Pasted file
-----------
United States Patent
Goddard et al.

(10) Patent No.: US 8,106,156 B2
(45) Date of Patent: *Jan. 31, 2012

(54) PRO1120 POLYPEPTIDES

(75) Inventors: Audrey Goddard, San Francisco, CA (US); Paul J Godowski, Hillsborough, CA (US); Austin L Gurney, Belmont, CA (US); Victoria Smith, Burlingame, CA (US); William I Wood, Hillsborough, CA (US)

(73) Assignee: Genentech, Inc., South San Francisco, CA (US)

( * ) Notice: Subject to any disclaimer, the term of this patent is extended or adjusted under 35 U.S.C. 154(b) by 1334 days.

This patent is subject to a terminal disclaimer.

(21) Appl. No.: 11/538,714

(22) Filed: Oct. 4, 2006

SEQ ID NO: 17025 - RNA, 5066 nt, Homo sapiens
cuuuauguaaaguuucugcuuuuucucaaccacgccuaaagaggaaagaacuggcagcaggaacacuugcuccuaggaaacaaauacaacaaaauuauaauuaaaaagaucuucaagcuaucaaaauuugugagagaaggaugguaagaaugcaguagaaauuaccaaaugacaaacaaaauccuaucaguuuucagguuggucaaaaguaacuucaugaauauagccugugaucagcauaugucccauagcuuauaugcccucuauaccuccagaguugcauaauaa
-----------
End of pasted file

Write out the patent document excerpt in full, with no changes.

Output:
United States Patent
Goddard et al.

(10) Patent No.: US 8,106,156 B2
(45) Date of Patent: *Jan. 31, 2012

(54) PRO1120 POLYPEPTIDES

(75) Inventors: Audrey Goddard, San Francisco, CA (US); Paul J Godowski, Hillsborough, CA (US); Austin L Gurney, Belmont, CA (US); Victoria Smith, Burlingame, CA (US); William I Wood, Hillsborough, CA (US)

(73) Assignee: Genentech, Inc., South San Francisco, CA (US)

( * ) Notice: Subject to any disclaimer, the term of this patent is extended or adjusted under 35 U.S.C. 154(b) by 1334 days.

This patent is subject to a terminal disclaimer.

(21) Appl. No.: 11/538,714

(22) Filed: Oct. 4, 2006

SEQ ID NO: 17025 - RNA, 5066 nt, Homo sapiens
cuuuauguaaaguuucugcuuuuucucaaccacgccuaaagaggaaagaacuggcagcaggaacacuugcuccuaggaaacaaauacaacaaaauuauaauuaaaaagaucuucaagcuaucaaaauuugugagagaaggaugguaagaaugcaguagaaauuaccaaaugacaaacaaaauccuaucaguuuucagguuggucaaaaguaacuucaugaauauagccugugaucagcauaugucccauagcuuauaugcccucuauaccuccagaguugcauaauaa